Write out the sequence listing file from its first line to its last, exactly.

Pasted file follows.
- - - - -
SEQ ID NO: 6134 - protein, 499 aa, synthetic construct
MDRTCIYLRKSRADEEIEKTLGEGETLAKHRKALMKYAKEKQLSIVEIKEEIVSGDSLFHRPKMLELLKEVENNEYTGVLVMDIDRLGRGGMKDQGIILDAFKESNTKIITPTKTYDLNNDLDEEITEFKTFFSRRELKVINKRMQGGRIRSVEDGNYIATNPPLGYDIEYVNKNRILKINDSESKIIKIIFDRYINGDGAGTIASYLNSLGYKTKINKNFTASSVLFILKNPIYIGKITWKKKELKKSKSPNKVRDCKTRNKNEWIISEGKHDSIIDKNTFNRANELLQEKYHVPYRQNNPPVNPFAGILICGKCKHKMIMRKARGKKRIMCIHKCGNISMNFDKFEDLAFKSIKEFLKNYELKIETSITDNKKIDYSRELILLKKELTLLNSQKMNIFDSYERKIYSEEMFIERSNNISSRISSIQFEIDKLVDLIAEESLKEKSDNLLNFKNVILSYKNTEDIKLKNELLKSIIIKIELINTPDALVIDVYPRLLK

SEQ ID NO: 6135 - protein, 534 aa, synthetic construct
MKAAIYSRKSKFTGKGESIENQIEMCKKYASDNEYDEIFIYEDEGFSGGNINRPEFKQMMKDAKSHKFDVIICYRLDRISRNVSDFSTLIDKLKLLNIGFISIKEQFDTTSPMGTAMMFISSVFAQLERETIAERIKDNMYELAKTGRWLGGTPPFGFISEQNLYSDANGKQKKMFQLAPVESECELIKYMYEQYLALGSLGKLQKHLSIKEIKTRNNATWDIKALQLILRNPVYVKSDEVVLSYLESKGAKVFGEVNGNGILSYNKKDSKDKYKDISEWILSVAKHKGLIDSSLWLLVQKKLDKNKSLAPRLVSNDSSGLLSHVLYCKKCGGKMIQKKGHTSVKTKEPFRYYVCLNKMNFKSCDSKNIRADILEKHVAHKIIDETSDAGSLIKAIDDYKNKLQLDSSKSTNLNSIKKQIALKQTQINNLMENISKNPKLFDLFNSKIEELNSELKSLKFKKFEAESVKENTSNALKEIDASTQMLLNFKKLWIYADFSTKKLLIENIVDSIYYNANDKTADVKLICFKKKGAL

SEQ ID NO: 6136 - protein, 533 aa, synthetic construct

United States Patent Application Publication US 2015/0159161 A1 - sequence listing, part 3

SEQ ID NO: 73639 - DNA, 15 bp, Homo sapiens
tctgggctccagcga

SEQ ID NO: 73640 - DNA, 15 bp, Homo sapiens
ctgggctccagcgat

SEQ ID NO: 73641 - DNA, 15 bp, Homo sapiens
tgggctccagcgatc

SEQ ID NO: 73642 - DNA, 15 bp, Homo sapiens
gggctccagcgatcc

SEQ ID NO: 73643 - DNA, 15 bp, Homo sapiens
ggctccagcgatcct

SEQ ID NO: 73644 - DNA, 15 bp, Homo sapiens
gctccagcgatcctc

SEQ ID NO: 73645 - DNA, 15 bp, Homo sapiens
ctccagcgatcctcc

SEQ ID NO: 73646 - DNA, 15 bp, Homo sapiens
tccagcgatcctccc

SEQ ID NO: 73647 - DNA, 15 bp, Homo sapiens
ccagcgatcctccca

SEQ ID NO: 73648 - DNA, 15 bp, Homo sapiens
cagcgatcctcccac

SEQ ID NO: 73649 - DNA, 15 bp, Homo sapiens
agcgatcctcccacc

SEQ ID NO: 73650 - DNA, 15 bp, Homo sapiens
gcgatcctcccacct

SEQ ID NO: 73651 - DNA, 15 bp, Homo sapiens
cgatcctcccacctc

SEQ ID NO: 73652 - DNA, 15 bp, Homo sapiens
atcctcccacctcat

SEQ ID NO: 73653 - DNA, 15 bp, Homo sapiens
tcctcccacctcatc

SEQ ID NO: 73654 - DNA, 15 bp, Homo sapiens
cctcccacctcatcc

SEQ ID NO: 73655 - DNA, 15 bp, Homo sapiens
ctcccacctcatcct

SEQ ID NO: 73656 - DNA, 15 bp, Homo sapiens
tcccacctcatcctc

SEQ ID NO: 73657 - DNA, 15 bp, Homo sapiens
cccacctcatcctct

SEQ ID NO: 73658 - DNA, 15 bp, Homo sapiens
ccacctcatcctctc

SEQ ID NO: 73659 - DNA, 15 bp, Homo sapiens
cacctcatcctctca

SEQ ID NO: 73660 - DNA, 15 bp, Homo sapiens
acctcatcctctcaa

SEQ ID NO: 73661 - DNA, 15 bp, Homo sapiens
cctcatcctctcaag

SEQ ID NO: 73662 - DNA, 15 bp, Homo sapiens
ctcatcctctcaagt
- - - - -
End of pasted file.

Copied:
SEQ ID NO: 6134 - protein, 499 aa, synthetic construct
MDRTCIYLRKSRADEEIEKTLGEGETLAKHRKALMKYAKEKQLSIVEIKEEIVSGDSLFHRPKMLELLKEVENNEYTGVLVMDIDRLGRGGMKDQGIILDAFKESNTKIITPTKTYDLNNDLDEEITEFKTFFSRRELKVINKRMQGGRIRSVEDGNYIATNPPLGYDIEYVNKNRILKINDSESKIIKIIFDRYINGDGAGTIASYLNSLGYKTKINKNFTASSVLFILKNPIYIGKITWKKKELKKSKSPNKVRDCKTRNKNEWIISEGKHDSIIDKNTFNRANELLQEKYHVPYRQNNPPVNPFAGILICGKCKHKMIMRKARGKKRIMCIHKCGNISMNFDKFEDLAFKSIKEFLKNYELKIETSITDNKKIDYSRELILLKKELTLLNSQKMNIFDSYERKIYSEEMFIERSNNISSRISSIQFEIDKLVDLIAEESLKEKSDNLLNFKNVILSYKNTEDIKLKNELLKSIIIKIELINTPDALVIDVYPRLLK

SEQ ID NO: 6135 - protein, 534 aa, synthetic construct
MKAAIYSRKSKFTGKGESIENQIEMCKKYASDNEYDEIFIYEDEGFSGGNINRPEFKQMMKDAKSHKFDVIICYRLDRISRNVSDFSTLIDKLKLLNIGFISIKEQFDTTSPMGTAMMFISSVFAQLERETIAERIKDNMYELAKTGRWLGGTPPFGFISEQNLYSDANGKQKKMFQLAPVESECELIKYMYEQYLALGSLGKLQKHLSIKEIKTRNNATWDIKALQLILRNPVYVKSDEVVLSYLESKGAKVFGEVNGNGILSYNKKDSKDKYKDISEWILSVAKHKGLIDSSLWLLVQKKLDKNKSLAPRLVSNDSSGLLSHVLYCKKCGGKMIQKKGHTSVKTKEPFRYYVCLNKMNFKSCDSKNIRADILEKHVAHKIIDETSDAGSLIKAIDDYKNKLQLDSSKSTNLNSIKKQIALKQTQINNLMENISKNPKLFDLFNSKIEELNSELKSLKFKKFEAESVKENTSNALKEIDASTQMLLNFKKLWIYADFSTKKLLIENIVDSIYYNANDKTADVKLICFKKKGAL

SEQ ID NO: 6136 - protein, 533 aa, synthetic construct

United States Patent Application Publication US 2015/0159161 A1 - sequence listing, part 3

SEQ ID NO: 73639 - DNA, 15 bp, Homo sapiens
tctgggctccagcga

SEQ ID NO: 73640 - DNA, 15 bp, Homo sapiens
ctgggctccagcgat

SEQ ID NO: 73641 - DNA, 15 bp, Homo sapiens
tgggctccagcgatc

SEQ ID NO: 73642 - DNA, 15 bp, Homo sapiens
gggctccagcgatcc

SEQ ID NO: 73643 - DNA, 15 bp, Homo sapiens
ggctccagcgatcct

SEQ ID NO: 73644 - DNA, 15 bp, Homo sapiens
gctccagcgatcctc

SEQ ID NO: 73645 - DNA, 15 bp, Homo sapiens
ctccagcgatcctcc

SEQ ID NO: 73646 - DNA, 15 bp, Homo sapiens
tccagcgatcctccc

SEQ ID NO: 73647 - DNA, 15 bp, Homo sapiens
ccagcgatcctccca

SEQ ID NO: 73648 - DNA, 15 bp, Homo sapiens
cagcgatcctcccac

SEQ ID NO: 73649 - DNA, 15 bp, Homo sapiens
agcgatcctcccacc

SEQ ID NO: 73650 - DNA, 15 bp, Homo sapiens
gcgatcctcccacct

SEQ ID NO: 73651 - DNA, 15 bp, Homo sapiens
cgatcctcccacctc

SEQ ID NO: 73652 - DNA, 15 bp, Homo sapiens
atcctcccacctcat

SEQ ID NO: 73653 - DNA, 15 bp, Homo sapiens
tcctcccacctcatc

SEQ ID NO: 73654 - DNA, 15 bp, Homo sapiens
cctcccacctcatcc

SEQ ID NO: 73655 - DNA, 15 bp, Homo sapiens
ctcccacctcatcct

SEQ ID NO: 73656 - DNA, 15 bp, Homo sapiens
tcccacctcatcctc

SEQ ID NO: 73657 - DNA, 15 bp, Homo sapiens
cccacctcatcctct

SEQ ID NO: 73658 - DNA, 15 bp, Homo sapiens
ccacctcatcctctc

SEQ ID NO: 73659 - DNA, 15 bp, Homo sapiens
cacctcatcctctca

SEQ ID NO: 73660 - DNA, 15 bp, Homo sapiens
acctcatcctctcaa

SEQ ID NO: 73661 - DNA, 15 bp, Homo sapiens
cctcatcctctcaag

SEQ ID NO: 73662 - DNA, 15 bp, Homo sapiens
ctcatcctctcaagt